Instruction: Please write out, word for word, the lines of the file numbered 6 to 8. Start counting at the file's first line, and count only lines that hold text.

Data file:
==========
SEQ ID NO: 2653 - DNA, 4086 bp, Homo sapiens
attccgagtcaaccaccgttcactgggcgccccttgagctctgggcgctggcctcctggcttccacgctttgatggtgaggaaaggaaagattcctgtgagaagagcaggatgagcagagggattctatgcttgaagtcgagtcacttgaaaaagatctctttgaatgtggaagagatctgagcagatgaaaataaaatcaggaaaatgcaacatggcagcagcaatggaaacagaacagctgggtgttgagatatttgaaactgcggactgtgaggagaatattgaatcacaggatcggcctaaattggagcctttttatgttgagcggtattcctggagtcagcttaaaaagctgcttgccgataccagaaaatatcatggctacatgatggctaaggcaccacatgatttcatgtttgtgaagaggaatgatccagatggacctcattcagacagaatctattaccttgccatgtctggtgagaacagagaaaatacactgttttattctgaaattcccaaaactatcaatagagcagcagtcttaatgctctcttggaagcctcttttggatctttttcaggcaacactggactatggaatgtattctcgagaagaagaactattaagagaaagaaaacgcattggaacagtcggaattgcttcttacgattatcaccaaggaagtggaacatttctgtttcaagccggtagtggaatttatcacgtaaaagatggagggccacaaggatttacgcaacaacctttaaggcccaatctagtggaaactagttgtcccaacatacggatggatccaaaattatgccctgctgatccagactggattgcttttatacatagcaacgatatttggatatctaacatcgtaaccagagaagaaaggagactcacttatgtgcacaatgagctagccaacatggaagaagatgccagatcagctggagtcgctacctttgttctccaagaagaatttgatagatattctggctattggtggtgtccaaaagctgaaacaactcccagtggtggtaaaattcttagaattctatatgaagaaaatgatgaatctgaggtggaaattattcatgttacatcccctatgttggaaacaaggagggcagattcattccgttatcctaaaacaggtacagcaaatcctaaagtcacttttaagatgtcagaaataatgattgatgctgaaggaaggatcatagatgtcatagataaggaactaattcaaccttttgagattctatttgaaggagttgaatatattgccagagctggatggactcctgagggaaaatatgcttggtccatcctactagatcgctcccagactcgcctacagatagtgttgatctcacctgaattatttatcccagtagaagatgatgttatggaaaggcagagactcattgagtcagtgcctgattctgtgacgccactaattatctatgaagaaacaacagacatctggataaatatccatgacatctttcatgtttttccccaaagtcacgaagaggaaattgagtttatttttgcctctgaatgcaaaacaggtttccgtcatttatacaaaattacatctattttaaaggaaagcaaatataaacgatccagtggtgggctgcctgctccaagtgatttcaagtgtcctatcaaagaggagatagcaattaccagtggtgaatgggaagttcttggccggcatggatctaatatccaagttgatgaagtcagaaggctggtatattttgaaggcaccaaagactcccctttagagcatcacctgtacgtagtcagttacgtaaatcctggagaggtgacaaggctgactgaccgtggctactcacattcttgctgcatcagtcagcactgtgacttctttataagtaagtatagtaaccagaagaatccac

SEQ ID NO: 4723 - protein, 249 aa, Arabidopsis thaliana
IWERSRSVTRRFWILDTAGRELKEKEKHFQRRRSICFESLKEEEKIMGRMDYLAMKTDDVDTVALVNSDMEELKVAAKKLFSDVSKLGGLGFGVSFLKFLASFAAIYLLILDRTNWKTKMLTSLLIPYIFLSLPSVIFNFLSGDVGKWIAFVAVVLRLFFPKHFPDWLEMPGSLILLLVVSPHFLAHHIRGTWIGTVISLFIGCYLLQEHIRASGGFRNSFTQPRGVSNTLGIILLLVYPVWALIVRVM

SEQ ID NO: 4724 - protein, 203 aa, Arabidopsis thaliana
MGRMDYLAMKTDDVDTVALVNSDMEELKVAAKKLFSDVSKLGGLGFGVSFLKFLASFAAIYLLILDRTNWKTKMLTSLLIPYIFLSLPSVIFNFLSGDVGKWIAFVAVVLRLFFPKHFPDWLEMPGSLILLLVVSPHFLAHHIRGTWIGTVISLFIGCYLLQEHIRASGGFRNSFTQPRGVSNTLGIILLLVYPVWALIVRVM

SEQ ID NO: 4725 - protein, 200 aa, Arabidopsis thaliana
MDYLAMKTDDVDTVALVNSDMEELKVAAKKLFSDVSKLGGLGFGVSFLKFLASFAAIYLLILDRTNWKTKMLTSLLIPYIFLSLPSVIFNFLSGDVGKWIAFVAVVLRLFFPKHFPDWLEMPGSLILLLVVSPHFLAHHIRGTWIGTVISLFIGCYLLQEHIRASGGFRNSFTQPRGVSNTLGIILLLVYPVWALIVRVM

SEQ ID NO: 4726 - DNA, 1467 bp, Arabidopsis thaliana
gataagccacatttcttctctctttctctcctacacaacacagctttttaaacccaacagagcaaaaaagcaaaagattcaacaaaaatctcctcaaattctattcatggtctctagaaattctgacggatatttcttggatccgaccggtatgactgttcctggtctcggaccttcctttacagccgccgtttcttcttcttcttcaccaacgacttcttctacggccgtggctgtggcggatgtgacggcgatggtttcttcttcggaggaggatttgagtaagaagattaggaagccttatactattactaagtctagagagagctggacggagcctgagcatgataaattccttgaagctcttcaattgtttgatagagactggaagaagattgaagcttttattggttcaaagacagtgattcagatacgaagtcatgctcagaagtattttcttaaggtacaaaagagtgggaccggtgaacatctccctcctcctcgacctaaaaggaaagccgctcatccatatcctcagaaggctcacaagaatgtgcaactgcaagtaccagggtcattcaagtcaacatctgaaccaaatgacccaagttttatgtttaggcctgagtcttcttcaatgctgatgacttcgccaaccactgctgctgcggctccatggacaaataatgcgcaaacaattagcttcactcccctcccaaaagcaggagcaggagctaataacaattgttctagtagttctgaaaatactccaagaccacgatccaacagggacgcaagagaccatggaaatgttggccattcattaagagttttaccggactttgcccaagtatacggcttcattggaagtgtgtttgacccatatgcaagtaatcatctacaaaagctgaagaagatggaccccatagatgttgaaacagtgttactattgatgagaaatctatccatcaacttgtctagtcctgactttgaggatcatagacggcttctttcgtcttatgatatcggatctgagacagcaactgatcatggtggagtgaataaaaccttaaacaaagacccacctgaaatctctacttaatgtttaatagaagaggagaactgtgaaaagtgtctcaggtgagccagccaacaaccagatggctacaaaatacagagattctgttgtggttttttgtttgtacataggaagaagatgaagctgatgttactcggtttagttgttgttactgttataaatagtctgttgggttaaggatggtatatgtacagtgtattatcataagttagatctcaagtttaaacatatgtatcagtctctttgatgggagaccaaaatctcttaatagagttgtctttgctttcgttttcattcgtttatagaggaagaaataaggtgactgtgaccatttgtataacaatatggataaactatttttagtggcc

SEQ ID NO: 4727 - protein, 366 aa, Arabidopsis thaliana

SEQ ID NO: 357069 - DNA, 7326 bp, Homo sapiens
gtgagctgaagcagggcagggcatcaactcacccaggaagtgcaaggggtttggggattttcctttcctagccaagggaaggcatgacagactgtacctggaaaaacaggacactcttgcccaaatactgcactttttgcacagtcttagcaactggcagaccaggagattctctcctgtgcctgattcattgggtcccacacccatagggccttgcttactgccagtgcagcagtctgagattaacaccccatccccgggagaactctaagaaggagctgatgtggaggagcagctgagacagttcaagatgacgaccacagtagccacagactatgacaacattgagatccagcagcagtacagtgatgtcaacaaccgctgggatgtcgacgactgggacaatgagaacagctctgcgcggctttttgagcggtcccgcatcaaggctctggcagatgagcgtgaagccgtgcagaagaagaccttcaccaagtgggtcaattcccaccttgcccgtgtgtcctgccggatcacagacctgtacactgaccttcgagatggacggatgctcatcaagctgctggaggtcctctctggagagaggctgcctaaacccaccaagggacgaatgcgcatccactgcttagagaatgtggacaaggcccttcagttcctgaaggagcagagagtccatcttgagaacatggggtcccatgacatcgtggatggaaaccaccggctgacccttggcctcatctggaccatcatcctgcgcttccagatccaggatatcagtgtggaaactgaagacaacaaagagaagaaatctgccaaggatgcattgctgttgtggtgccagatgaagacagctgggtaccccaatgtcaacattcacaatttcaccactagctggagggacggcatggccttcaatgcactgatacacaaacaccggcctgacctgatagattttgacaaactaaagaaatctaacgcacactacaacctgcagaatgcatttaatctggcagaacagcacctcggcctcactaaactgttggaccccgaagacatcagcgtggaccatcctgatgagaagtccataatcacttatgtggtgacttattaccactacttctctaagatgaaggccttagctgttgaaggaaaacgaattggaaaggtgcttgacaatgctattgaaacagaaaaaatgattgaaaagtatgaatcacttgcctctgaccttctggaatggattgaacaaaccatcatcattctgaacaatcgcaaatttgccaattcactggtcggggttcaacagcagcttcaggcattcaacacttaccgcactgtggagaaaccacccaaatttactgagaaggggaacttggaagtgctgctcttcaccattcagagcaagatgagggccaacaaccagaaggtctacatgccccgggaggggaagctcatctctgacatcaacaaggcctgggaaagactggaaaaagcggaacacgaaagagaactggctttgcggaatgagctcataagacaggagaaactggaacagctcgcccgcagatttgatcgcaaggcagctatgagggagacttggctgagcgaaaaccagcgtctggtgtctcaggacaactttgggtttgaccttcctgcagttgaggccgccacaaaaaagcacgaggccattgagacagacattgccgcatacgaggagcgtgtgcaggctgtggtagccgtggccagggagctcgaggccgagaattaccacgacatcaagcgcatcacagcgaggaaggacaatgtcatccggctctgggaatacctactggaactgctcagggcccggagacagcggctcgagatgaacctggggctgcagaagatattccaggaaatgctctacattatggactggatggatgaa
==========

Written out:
MGRMDYLAMKTDDVDTVALVNSDMEELKVAAKKLFSDVSKLGGLGFGVSFLKFLASFAAIYLLILDRTNWKTKMLTSLLIPYIFLSLPSVIFNFLSGDVGKWIAFVAVVLRLFFPKHFPDWLEMPGSLILLLVVSPHFLAHHIRGTWIGTVISLFIGCYLLQEHIRASGGFRNSFTQPRGVSNTLGIILLLVYPVWALIVRVM

SEQ ID NO: 4725 - protein, 200 aa, Arabidopsis thaliana
MDYLAMKTDDVDTVALVNSDMEELKVAAKKLFSDVSKLGGLGFGVSFLKFLASFAAIYLLILDRTNWKTKMLTSLLIPYIFLSLPSVIFNFLSGDVGKWIAFVAVVLRLFFPKHFPDWLEMPGSLILLLVVSPHFLAHHIRGTWIGTVISLFIGCYLLQEHIRASGGFRNSFTQPRGVSNTLGIILLLVYPVWALIVRVM